What is Hydroponics?

In case you’re not aware, the term hydroponic is derived from a Latin word that means “working water”. To put it simply, hydroponics is an art that involves growing various types of plants without soil. If you’re like most people, the first thing that comes to mind when somebody talks about hydroponics would be a picture of plants with roots suspended into the water without using any type of growing medium.

 

Avoiding Root Rot in Hydroponic Systems

Detecting and identifying root rot can be tricky. When your plants get infected, their leaves and roots gradually wither until the whole crop itself dies from the lack of nutrients, which is a common symptom of many diseases.

 

What causes root rot in hydroponics?

One of the requirements in hydroponics systems is oxygen. Without it, your plants are basically on the road to death. On the other hand, lack of such is one of the major triggers for root rot, and it must be avoided at all costs.

Just like when planting in soil, you loosen up the ground so that your plants’ roots can have their required intake of oxygen. That is the case for crops grown in aqueous solutions as well. If they cannot breathe, they would not be able to grow.

Another agent for root rot is the temperature. The last thing you would want in your system are parasites that leech nutrients intended for your plants and infect the water during the process. In common terms, these fungi are called molds.

One of the best breeding grounds for these is warm and moist areas. For this reason, if the water temperature inside your reservoir is high, then you are susceptible to it. Something as minor as letting the solutions exposed to sunlight can already be a risk factor.

 

3 Useful Tips on How to prevent root rot in hydroponics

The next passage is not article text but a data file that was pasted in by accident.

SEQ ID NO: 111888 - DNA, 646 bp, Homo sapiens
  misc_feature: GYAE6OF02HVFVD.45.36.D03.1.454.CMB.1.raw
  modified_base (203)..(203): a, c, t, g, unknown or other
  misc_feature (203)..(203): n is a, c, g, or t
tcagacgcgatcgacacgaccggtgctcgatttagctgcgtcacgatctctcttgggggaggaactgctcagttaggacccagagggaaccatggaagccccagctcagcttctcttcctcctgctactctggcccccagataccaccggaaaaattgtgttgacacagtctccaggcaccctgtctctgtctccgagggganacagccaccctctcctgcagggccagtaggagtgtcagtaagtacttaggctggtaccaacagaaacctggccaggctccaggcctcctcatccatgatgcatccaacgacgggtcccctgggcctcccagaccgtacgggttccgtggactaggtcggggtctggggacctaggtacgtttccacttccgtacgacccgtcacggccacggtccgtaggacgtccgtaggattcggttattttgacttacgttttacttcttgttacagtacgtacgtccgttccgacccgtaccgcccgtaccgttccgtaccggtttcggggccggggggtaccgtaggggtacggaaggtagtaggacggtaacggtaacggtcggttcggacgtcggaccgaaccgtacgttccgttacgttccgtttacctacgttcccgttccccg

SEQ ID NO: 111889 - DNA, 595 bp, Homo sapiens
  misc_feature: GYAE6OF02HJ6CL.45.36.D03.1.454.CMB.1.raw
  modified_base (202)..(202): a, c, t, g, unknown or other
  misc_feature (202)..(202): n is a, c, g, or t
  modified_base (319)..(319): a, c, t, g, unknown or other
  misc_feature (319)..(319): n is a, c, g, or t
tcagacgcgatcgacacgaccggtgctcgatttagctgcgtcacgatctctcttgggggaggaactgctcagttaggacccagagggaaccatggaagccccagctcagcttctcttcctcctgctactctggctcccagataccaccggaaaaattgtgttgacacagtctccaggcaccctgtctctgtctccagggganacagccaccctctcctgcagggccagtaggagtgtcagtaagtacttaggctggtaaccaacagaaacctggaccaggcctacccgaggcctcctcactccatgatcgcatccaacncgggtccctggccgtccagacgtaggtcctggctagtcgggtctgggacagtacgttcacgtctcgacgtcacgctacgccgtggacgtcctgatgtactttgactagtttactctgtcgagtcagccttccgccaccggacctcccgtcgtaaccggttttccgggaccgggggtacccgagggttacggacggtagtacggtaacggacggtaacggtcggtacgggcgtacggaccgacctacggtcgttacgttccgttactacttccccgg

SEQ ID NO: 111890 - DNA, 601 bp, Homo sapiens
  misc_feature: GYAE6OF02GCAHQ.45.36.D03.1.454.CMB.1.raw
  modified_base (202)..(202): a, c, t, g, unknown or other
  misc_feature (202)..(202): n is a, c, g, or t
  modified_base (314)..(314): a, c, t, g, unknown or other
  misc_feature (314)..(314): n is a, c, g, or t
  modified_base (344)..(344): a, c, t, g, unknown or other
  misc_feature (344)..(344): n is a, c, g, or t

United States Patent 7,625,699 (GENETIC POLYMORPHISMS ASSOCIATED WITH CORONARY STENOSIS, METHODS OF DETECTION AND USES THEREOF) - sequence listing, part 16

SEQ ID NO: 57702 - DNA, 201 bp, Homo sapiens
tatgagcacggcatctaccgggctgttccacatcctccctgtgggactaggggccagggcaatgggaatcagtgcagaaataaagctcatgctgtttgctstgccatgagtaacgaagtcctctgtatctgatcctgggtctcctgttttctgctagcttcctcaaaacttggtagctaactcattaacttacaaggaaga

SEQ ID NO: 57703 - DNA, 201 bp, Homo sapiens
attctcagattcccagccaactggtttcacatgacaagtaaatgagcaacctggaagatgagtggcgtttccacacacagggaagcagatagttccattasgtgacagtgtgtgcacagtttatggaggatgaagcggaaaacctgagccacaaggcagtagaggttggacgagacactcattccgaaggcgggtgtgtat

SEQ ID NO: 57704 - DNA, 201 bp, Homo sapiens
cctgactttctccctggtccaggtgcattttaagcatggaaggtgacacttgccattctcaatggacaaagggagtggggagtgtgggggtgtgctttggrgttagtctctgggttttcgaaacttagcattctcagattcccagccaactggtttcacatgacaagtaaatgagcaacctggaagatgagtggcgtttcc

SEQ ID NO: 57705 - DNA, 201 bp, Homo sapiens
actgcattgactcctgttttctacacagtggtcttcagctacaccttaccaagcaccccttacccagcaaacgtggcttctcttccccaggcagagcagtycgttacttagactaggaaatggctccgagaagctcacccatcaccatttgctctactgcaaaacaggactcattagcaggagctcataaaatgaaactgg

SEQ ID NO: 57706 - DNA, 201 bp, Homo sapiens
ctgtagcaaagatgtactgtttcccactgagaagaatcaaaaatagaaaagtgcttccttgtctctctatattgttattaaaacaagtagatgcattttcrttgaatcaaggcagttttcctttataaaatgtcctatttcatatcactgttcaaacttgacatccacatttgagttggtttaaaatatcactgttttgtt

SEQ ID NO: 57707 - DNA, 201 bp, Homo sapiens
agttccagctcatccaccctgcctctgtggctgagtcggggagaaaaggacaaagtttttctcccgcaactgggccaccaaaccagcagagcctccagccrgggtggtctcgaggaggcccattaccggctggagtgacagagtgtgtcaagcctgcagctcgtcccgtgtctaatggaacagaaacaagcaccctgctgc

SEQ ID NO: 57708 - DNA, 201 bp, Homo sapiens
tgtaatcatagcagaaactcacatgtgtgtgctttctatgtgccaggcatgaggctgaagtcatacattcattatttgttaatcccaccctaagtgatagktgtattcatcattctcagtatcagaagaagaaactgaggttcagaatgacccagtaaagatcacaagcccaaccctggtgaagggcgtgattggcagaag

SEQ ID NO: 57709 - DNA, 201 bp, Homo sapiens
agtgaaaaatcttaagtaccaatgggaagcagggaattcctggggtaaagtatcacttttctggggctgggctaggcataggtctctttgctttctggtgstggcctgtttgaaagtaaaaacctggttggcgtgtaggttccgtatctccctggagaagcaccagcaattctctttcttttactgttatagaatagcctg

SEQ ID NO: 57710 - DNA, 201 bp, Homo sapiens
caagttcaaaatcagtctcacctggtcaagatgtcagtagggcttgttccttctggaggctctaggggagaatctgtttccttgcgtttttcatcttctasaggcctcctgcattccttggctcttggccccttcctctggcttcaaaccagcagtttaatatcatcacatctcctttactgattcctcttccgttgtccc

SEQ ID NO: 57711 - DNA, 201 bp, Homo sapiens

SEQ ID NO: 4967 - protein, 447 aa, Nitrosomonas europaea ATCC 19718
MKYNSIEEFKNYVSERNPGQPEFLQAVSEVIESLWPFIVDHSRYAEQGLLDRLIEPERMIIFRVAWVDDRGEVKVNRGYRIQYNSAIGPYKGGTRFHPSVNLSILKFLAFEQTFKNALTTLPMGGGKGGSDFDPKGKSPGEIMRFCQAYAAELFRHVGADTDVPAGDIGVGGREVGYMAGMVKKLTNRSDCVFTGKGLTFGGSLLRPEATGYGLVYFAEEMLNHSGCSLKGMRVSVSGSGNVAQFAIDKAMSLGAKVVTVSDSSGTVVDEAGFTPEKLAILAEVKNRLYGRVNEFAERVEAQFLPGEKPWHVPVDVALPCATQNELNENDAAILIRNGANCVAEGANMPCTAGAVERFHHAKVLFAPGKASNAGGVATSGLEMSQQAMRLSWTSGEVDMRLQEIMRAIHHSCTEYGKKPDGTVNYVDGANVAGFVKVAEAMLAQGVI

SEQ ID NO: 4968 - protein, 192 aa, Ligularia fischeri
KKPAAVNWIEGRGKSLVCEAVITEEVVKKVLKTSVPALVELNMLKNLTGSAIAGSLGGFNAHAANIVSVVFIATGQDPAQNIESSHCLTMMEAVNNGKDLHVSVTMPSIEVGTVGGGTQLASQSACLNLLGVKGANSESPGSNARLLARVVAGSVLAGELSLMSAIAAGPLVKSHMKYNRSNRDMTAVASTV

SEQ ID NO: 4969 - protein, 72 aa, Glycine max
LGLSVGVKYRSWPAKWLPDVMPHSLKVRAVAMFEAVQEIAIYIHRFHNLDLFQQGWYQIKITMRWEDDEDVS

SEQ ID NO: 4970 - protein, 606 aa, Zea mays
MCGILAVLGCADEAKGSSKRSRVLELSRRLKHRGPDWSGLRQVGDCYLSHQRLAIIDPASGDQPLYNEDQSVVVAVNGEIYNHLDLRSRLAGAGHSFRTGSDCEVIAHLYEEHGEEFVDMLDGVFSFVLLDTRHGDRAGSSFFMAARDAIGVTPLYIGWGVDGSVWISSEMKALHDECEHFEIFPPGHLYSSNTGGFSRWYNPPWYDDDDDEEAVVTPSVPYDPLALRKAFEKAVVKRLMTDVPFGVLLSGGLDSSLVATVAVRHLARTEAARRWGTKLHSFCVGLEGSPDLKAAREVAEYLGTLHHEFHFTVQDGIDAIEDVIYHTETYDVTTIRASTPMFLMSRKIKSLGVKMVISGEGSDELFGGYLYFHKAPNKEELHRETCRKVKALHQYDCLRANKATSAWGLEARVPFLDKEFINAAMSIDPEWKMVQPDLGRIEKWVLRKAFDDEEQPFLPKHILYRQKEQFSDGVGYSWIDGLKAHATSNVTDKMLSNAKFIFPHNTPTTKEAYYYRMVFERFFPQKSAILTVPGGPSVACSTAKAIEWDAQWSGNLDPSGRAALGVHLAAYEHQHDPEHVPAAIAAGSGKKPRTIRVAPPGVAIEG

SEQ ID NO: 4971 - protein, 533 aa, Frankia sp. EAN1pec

There is good news! Root rot in hydroponics can be prevented! Just follow these tips:

Tip#1: Use the right air pump

If you do not want root rot to affect your plants, you merely have to avoid its causes. If you need oxygen, keep the water bubbling by providing an air pump of appropriate size, and also give importance to proper ventilation in the room.

 

Tip #2: Maintain the temperature

The temperature should be maintained within the 70 to 80 degrees F range. Get rid of any materials that can make your system vulnerable to infections, and make sure not to disturb your crops while they are trying to grow.

 

Tip #3: Get rid of the rotten parts

However, if you failed in preventing the disease, then the rotten parts should be removed immediately. Cut them off as there is no chance of reviving them, and focus on the potential new growth instead. Fix your hydroponics system and eliminate the risks.

 

Why Give Greenhouse Gardening a Try?

Greenhouse gardening offers numerous benefits to greens aficionados who dare to take their gardening experience to the next level. Aside from acting as a shield against the effects of inclement weather, a mini, hobby, or semi-pro greenhouse can also serve as a protective layer that keeps harmful bugs and critters at bay.

What’s more, its enclosed structure allows you to control your plants’ growing conditions including the temperature, light, moisture, and ventilation of the greenhouse’s internal environment. With a controlled environment, you’ll be able to extend growing seasons and grow plants that aren’t native to your area.

 

Conclusion

No matter how well-informed you are about how to prevent root rot in hydroponics, you cannot completely eradicate the risks. Therefore, to avoid the worst-case scenario, you should be prepared to sacrifice the infected for the sake of others. While you’re at it, consider trying your hand at greenhouse gardening as well.